– Has the same onboard 16GB SSD as the Series 3
– Has the same RAM as the Series 3…meaning it’s going to have essentially the same performance as last year’s Chromebook. It’s also listed at a fraction less than last year’s in battery life, but then also:
– Eliminates the SD card slot (no more dual boot Ubuntu from a card, or plugging in a card full of photos from my camera)
– Eliminates the HDMI out (so no more easily plugging into my LCD TV; now I’d need a micro-USB to HDMI adapter)
– Eliminates the USB 3.0 port (not that I’ve ever taken advantage of it, but seems to be quite the step backwards)
It does apparently have a better screen (IPS), but from all accounts, it’s much glossier (read: sun/light glare) than the Samsung’s matte screen, with the same resolution. Oh, and it can use a micro-USB cord to charge it. Well, okay.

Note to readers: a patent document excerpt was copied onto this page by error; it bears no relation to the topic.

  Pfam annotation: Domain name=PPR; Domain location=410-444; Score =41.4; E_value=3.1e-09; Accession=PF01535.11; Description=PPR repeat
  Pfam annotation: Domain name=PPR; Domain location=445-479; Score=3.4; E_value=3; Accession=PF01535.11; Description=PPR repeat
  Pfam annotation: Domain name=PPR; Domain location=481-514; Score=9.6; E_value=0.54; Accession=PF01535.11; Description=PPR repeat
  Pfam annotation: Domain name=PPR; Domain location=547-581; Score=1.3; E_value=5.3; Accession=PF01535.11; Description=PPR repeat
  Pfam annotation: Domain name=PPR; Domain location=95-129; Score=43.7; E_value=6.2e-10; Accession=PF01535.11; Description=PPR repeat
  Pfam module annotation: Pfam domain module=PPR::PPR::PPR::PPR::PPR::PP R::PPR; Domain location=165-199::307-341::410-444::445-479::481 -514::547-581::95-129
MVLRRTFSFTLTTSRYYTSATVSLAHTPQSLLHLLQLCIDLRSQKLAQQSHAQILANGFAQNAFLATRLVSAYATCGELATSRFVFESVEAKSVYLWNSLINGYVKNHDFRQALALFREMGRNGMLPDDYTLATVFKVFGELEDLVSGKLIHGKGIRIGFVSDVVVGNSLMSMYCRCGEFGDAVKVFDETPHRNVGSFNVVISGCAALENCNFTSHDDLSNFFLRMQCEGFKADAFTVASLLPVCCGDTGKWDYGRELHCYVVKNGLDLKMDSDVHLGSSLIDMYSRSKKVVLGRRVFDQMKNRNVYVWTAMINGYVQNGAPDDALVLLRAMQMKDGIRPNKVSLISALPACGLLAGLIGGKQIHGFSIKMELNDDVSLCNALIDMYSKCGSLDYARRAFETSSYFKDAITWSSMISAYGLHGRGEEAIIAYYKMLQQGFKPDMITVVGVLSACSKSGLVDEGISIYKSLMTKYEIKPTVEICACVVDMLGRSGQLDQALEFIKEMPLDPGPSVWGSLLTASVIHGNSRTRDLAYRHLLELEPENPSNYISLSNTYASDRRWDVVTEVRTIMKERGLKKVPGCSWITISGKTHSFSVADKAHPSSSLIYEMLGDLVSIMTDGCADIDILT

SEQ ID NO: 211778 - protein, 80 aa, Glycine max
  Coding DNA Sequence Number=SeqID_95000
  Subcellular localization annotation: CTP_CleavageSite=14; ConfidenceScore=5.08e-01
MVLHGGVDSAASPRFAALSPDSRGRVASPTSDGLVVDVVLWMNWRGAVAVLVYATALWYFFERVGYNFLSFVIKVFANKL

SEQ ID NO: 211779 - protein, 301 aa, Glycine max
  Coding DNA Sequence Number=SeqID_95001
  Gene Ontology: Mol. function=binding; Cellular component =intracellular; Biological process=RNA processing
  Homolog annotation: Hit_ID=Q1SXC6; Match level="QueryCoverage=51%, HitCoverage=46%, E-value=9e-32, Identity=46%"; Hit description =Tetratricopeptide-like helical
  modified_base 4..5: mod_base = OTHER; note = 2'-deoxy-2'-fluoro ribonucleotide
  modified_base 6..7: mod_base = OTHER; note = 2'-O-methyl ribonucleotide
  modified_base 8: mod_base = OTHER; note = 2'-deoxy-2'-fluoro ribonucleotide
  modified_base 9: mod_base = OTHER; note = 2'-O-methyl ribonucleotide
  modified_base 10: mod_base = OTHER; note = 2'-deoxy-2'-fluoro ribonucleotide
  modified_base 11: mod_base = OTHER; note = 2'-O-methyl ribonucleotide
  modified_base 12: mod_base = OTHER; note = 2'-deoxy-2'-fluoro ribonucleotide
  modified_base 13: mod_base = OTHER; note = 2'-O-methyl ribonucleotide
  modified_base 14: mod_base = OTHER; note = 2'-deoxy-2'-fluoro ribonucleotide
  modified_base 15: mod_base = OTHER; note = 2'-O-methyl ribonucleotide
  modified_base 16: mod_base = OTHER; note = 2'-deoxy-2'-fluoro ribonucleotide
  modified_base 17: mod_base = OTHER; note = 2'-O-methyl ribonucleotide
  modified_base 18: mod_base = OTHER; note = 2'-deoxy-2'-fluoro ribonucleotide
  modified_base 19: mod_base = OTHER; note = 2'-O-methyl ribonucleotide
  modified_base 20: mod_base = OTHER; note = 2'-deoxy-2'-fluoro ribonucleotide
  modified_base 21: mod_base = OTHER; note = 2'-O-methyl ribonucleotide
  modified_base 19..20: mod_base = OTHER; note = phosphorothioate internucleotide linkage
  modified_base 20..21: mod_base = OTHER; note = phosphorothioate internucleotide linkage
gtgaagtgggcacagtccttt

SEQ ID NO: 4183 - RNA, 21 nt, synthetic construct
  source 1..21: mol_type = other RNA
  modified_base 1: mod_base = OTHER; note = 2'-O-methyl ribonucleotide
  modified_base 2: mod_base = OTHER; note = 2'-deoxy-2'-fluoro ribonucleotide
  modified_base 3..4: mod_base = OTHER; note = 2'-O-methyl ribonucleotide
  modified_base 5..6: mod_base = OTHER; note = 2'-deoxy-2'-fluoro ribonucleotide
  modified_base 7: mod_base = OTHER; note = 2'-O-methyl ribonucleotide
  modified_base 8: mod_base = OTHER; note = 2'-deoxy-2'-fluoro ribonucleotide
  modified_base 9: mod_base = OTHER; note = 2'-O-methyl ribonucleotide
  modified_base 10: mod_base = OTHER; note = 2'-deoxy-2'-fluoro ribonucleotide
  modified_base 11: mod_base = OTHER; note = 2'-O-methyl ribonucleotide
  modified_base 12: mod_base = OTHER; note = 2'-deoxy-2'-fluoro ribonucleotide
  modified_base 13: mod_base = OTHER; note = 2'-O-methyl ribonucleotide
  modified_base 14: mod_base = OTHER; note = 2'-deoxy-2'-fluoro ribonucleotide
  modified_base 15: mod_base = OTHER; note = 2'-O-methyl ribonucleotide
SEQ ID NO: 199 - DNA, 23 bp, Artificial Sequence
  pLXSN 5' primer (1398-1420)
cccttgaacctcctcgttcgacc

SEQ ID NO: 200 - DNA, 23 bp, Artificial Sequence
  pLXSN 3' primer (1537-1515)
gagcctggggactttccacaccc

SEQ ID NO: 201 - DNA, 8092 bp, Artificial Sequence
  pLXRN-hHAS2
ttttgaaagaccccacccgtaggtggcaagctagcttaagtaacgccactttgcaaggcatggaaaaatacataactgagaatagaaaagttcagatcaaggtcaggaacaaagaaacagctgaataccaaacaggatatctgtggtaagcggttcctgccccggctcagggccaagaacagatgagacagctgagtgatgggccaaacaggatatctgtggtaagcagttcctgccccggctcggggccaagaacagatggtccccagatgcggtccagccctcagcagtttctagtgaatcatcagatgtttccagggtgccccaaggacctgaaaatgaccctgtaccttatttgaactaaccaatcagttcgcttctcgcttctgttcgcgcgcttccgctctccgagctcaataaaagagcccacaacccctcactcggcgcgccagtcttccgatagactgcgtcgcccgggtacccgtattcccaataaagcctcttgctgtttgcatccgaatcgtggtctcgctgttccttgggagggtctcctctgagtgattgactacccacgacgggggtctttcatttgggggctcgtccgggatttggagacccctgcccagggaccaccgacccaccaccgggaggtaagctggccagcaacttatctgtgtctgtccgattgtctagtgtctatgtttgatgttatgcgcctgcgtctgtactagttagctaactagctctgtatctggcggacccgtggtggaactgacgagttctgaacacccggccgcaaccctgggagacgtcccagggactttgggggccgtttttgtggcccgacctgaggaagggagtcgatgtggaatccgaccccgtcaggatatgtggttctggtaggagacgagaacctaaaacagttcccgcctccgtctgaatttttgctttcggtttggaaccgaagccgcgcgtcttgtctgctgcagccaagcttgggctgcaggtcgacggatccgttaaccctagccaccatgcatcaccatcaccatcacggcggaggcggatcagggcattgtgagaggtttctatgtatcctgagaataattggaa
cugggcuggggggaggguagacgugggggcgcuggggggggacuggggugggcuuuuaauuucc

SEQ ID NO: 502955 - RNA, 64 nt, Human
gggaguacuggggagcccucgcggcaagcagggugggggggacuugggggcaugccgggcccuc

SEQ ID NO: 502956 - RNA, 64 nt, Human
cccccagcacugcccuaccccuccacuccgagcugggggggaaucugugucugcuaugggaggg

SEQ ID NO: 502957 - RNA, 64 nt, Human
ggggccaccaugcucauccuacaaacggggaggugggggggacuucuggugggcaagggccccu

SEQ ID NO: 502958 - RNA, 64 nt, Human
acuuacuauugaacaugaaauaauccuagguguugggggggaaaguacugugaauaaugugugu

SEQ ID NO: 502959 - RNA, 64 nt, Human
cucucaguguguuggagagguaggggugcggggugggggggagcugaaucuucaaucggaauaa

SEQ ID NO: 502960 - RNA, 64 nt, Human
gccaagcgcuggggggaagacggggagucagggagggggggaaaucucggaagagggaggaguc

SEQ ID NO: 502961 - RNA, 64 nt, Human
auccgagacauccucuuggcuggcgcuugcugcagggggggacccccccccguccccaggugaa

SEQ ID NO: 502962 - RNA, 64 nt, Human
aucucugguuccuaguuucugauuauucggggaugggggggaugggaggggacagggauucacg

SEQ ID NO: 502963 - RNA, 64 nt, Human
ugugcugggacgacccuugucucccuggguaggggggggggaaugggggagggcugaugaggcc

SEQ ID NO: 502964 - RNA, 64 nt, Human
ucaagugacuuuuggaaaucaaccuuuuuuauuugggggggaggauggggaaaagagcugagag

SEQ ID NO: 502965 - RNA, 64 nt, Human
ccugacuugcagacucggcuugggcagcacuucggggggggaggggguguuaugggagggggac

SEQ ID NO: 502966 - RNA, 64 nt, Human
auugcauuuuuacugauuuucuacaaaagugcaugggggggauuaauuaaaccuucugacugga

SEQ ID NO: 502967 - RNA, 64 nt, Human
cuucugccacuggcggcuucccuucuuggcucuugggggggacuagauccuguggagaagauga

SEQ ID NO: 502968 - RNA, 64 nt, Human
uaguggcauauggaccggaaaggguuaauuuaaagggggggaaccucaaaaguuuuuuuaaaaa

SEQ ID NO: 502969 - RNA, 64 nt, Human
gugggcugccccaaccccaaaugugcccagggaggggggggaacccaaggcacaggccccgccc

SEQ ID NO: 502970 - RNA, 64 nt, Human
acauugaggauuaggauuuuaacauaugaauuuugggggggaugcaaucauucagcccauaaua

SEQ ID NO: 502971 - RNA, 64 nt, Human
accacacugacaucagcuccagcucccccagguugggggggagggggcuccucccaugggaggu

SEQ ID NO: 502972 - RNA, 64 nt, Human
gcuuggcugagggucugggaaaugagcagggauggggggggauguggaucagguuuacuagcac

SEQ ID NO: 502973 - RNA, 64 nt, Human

With using all of last year’s technologies and removing ports and using a less capable battery, it must be quite a deal, right? Uh, nope. It’s $30 more than the Series 3 ($279 vs $249).
I love using my Chromebook. It’s absolutely perfect for writing. I don’t need a new one, but I would have happily scratched up another $250 this year for a whiz bang upgrade to it, especially if it made a difference in performance or storage. Guess not.